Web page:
Some experts think the term “lollypop” originated back in 17th century England, where street vendors in London would sell their soft, boiled sugar candies as lolly-pops. Linguists have traced the origins of the two words: “lolly” (British slang for tongue) and “pop” (meaning to slap) to sometime around this era. So the word lollypop literally means tongue slap, which we think makes the candy (and the word) so much more fun!

With the massive push towards industrialization, in 1908 the Racine Confectionary Machine Company invented a machine that put hard candy on the end of a stick. This machine could produce 2,400 units per hour! In 1912, Russian inventor Samuel Born created a similar machine that inserted sticks into pieces of candy in San Francisco. This was called the Born Sucker Machine and the city thought it was so innovative, they gave Mr. Born the key to the city in 1916.

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Suckers, lick pops, lollipops, dum dums, (or whatever you want to call them) have remained popular to this day. While these classic retro candies remain a staple of modern candy shops, convenience stores, coffee shops, soda fountains and drug stores, there are quite a few modern twists on the timeless classic.

Let’s look at the innovative lollipop products available today

While there is no clear “inventor” of the modern day lollipop, the product had a long time to develop in a variety of different forms and functions. Today, you can get lollipops in a seemingly infinite number of flavors and shapes. Of course, the quintessential giant swirl lollipops are classics that are sure to garner attention, no matter where you go.

Redstone Foods features our own brand of swirl lollipops and twisty pops called Wild West Pops. These modern takes on the classic giant lollipops come in different shapes, sizes and flavors! They make great party favors and are so bright and colorful, they are sure to turn heads.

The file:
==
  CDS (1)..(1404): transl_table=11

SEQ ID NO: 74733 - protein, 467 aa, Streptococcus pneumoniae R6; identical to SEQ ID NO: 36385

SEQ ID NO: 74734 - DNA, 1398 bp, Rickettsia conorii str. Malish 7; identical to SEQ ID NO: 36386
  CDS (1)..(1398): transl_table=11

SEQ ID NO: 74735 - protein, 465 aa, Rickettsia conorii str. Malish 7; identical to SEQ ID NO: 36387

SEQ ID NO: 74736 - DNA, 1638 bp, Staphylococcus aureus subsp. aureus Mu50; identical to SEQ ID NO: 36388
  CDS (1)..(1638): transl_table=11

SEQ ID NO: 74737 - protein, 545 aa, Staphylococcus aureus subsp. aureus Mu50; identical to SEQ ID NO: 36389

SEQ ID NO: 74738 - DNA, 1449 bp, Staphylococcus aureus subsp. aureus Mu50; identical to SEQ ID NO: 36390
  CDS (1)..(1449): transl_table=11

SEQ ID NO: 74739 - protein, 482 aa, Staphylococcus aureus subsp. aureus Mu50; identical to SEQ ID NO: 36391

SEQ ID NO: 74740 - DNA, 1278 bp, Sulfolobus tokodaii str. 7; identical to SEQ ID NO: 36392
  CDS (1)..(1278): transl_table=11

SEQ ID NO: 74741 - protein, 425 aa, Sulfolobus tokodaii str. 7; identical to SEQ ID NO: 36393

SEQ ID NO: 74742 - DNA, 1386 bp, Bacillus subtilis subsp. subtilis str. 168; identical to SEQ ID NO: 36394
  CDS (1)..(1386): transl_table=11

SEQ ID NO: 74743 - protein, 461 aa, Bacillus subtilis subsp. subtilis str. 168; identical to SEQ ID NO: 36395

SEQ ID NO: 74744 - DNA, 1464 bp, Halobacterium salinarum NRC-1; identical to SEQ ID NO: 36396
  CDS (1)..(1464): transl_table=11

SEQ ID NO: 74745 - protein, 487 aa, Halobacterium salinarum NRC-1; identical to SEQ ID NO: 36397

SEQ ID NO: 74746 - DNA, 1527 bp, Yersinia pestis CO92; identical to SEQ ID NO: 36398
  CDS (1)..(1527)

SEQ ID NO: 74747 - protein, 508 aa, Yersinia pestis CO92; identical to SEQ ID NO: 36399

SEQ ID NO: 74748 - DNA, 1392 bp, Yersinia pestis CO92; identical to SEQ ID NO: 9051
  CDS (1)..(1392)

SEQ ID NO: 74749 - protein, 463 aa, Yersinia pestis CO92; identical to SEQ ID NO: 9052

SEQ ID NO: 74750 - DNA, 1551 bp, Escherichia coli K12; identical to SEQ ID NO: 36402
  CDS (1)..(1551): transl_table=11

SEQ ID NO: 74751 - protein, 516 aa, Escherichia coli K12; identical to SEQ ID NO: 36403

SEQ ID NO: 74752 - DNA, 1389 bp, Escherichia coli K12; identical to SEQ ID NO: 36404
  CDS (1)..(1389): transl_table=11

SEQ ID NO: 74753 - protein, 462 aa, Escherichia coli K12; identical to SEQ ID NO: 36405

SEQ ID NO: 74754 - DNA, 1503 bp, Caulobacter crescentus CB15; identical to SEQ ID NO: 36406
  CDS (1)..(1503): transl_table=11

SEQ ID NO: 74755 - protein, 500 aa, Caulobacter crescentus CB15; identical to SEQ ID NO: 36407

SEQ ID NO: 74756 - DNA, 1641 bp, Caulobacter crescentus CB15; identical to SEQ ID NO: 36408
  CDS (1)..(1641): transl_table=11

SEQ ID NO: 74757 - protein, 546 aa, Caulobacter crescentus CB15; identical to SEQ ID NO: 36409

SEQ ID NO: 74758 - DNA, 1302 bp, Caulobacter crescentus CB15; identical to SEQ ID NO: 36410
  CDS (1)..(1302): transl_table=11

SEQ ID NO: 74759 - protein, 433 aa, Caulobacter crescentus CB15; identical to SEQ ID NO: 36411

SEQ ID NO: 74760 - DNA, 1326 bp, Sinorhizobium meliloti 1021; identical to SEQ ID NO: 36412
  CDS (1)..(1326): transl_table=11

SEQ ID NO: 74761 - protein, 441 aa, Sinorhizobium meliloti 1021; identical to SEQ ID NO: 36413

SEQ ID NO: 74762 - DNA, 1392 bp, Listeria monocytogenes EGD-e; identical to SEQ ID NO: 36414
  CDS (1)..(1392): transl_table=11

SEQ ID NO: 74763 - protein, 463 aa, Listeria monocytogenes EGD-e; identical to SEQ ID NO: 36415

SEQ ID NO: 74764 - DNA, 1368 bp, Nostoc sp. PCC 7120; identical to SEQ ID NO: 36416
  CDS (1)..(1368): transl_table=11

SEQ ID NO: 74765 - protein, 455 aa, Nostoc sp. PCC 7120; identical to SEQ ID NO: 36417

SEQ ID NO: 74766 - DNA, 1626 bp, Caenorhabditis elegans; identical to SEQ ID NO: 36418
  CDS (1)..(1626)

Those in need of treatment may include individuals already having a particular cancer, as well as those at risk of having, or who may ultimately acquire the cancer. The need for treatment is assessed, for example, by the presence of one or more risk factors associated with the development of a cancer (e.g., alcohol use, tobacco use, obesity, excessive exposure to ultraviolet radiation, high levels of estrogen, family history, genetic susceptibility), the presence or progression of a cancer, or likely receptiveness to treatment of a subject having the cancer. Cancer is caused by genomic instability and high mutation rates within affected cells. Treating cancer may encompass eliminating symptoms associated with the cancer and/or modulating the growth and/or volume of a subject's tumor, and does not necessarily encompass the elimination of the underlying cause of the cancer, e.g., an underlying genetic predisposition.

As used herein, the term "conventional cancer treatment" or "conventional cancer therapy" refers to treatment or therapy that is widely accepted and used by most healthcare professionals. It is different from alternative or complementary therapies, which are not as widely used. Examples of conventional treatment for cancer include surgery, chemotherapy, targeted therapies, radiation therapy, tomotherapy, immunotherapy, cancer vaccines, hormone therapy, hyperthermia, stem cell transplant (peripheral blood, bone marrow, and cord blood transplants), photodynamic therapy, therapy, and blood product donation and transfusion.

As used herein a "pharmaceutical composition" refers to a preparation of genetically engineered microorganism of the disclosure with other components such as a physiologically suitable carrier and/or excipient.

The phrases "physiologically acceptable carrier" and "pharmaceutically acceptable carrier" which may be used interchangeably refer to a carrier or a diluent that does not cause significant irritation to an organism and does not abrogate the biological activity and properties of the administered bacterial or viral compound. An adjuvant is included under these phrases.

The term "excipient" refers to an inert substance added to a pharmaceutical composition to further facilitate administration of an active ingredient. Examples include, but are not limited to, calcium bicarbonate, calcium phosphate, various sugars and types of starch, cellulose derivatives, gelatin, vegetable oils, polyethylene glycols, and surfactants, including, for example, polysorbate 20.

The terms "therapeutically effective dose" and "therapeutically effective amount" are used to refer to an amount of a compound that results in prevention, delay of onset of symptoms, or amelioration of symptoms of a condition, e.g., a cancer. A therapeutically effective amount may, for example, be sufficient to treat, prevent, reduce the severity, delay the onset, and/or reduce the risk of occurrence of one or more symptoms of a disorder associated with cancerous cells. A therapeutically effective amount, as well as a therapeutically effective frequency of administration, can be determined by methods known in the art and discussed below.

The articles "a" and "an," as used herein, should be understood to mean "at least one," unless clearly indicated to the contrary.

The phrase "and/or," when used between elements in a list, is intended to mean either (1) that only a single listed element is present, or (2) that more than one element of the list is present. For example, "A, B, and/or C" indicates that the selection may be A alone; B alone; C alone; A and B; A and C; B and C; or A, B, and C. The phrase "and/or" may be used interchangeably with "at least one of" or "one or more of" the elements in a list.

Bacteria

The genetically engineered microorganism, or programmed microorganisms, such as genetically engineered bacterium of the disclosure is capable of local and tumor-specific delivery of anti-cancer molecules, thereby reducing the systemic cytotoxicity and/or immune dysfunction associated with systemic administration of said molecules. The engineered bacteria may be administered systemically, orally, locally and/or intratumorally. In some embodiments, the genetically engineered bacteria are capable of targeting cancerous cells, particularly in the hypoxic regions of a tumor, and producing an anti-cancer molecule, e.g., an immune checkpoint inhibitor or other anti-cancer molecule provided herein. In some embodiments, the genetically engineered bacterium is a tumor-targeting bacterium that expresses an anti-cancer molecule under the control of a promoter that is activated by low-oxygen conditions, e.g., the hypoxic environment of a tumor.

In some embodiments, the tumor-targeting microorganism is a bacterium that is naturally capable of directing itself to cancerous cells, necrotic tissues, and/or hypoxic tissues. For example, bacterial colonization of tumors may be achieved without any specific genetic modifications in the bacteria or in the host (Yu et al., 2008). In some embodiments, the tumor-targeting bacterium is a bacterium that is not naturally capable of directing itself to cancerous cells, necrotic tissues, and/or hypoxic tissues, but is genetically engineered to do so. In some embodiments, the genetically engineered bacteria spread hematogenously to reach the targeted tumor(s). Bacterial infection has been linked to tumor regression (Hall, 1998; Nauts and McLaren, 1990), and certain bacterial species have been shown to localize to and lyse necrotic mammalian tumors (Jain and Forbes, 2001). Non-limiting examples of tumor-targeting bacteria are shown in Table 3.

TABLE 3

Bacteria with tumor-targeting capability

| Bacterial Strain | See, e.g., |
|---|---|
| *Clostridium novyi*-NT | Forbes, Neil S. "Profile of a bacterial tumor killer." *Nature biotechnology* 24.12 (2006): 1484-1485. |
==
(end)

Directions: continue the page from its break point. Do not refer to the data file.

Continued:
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Beyond the famous pops of years past, modern day candy companies have created an almost endless market of new innovative takes on the lollipop. Today, we have bulk Astro Pops, Ring Pops, Push Pops, Baby Bottle Pops, Blow Pops, Plush ‘N’ Pops (which come with a cute plush animal toy) and there’s even bacon-flavored lollipops! Seriously, talk about creative!

You can browse our huge selection of lollipops online right now at RedstoneFoods.com – We’re sure you’ll find something that satisfies your sweet tooth!

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As if the history of the lollipop wasn’t enough of a joyride, we thought we’d end this article with some fun, lesser-known facts about lollipops.

  • The world’s largest lollipop was made in 2012 by See’s Candy Company in California. It weighed 7,003 pounds.
  • This broke the previous world record, (6,514 pounds) held by Ashrita Furman who has set more than 700 official Guinness records since 1979. He still holds over 200 world records to this day.
  • The world record for “longest chain of people licking lollipops” was set in 2008 in Valladolid, Spain – with 12,831 people!
  • The Chupa Chups logo was designed by famous surrealist painter and artist, Salvador Dali in 1969. Dali and the creator of Chupa Chups, Enric Bernat were friends.
  • Dum Dums suckers’ name was chosen because the company thought it would be easy for any kid to pronounce.
  • The Dum Dums “mystery flavor” is made out of the mixture of two flavors when the end of one production batch meets the next flavor batch.
  • Tootsie Roll is the world’s largest lollipop maker. They can turn out 16 million lollipops per day.